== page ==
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BMC Neurol. 2013 Nov 5;13:162. doi: 10.1186/1471-2377-13-162.

Cross-sectional area variations of internal jugular veins during supine head rotation in multiple sclerosis patients with chronic cerebrospinal venous insufficiency: a prospective diagnostic controlled study with duplex ultrasound investigation.

Author information

1
Phlebolymphology Diseases Centre, Monza Polyclinic, Monza, Italy. massimiliano.farina@centrostudipatologievenolinfatiche.it.

Abstract

BACKGROUND:

Normally, chronic cerebrospinal venous insufficiency (CCSVI) has been studied using echo-colour Doppler (ECD). Subjects are examined in the supine and sitting positions, in accordance with a static protocol without rotation of the head. A dynamic approach, to assess venous sizes with different degrees of head rotation, has only been performed to improve jugular venous catheterisation. These echographic studies have suggested that head rotation to the contralateral side increases the cross-sectional area (CSA) of the internal jugular veins (IJVs) in supine subjects. Our goal was to evaluate the behaviour of CSA of the IJVs during supine head rotation in multiple sclerosis (MS) patients with CCSVI, compared to healthy controls (HCs).

METHODS:

The IJVs of 313 MS patients with CCSVI (male 43.8%, male/female 137/176; mean age 45 years old, range 19-77 years) and 298 HCs, matched by gender (male 43.6%, male/female 130/168) and age (mean age 46 years old, range 20-79 years), were compared using ECD. Their CSAs were evaluated with the subjects seated in a tiltable chair, first in the supine position at the level of the cricoid cartilage, with the head in a neutral position, and then after contralateral rotation to 90° from midline.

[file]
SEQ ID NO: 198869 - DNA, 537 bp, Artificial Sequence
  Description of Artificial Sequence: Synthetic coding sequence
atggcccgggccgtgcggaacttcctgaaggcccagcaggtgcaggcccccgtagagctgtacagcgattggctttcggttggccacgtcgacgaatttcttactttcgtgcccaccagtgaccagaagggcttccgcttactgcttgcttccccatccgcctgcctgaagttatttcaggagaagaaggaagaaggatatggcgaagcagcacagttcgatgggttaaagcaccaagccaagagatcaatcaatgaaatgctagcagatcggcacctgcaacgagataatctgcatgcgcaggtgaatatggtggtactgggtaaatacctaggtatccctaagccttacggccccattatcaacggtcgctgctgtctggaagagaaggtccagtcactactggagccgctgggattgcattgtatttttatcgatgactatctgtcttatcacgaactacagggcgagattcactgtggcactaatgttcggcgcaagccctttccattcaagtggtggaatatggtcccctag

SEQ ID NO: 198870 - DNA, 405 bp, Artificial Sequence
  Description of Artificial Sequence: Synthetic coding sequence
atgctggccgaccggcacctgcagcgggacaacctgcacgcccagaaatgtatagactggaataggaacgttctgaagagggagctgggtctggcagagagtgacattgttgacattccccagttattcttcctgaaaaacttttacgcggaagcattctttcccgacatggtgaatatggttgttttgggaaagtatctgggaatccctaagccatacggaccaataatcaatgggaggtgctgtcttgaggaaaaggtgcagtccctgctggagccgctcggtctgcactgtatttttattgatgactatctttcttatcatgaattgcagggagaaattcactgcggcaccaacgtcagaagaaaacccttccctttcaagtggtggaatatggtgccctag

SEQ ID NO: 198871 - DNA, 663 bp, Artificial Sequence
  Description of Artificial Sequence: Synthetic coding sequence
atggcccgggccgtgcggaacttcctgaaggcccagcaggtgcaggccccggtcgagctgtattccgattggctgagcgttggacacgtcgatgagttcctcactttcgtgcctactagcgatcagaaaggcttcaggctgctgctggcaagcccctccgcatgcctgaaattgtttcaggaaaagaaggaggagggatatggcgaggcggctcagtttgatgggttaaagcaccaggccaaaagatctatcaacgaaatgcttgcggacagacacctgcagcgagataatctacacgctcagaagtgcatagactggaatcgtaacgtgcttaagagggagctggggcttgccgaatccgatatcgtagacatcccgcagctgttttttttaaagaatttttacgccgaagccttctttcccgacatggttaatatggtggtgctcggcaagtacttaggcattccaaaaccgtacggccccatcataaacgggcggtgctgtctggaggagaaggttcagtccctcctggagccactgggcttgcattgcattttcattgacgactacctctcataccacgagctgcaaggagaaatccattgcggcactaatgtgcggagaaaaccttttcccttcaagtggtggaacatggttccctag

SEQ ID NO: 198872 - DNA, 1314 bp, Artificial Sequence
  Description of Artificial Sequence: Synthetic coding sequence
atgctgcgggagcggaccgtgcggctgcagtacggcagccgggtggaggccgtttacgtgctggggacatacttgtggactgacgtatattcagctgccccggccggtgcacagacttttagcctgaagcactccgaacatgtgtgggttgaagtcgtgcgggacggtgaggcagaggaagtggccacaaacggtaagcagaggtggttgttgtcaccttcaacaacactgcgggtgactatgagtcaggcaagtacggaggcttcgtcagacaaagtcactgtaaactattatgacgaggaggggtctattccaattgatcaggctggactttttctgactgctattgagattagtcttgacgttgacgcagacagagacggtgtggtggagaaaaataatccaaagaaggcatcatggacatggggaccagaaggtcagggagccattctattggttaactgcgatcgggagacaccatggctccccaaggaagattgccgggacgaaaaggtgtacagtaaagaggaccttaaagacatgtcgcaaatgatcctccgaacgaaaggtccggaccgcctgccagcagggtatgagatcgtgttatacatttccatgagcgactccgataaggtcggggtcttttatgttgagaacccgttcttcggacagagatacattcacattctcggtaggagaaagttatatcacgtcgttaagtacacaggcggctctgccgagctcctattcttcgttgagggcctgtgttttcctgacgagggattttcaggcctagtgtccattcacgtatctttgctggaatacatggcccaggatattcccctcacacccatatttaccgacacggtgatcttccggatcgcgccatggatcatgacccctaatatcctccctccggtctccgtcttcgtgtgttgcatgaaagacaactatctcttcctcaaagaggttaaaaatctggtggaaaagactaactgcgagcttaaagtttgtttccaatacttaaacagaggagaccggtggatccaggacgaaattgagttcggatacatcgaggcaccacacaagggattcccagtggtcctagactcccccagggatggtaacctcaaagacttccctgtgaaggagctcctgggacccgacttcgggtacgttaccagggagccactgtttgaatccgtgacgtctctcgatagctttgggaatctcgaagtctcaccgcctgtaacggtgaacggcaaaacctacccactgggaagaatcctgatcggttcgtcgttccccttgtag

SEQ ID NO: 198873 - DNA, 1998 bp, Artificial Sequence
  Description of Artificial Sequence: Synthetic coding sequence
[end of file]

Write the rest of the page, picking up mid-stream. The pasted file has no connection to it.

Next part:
RESULTS:

Significant differences between the jugular CSAs before and after head rotation were observed only in the MS patients for the IJVs with wall collapse (F[6,1215] = 6414.57, p < 0.001), showing on longitudinal scans a typical "hourglass" aspect that we defined as "miopragic". No significant difference was found in the distribution of these miopragic veins with regard to MS duration. There was a strong association between the CCSVI scores and the complexity of jugular morphological types (Χ2 [9, N = 313] = 75.183, p < 0.001). Wall miopragia was mainly observed in MS patients with SP (59.3%) and PP (70.0%) clinical forms, compared to RR (48.3%) forms (p = 0.015).

CONCLUSION:

A dynamic ECD approach allowed us to detect IJVs with a significant increase in their CSAs during head rotation, but only in MS subjects. This feature, most likely the expression of congenital wall miopragia, could be secondary to dysregulation of collagen synthesis, but further histochemical studies will be needed to confirm this hypothesis.

PMID:
24188184
PMCID:
PMC4229316
DOI:
10.1186/1471-2377-13-162
[Indexed for MEDLINE]
Free PMC Article
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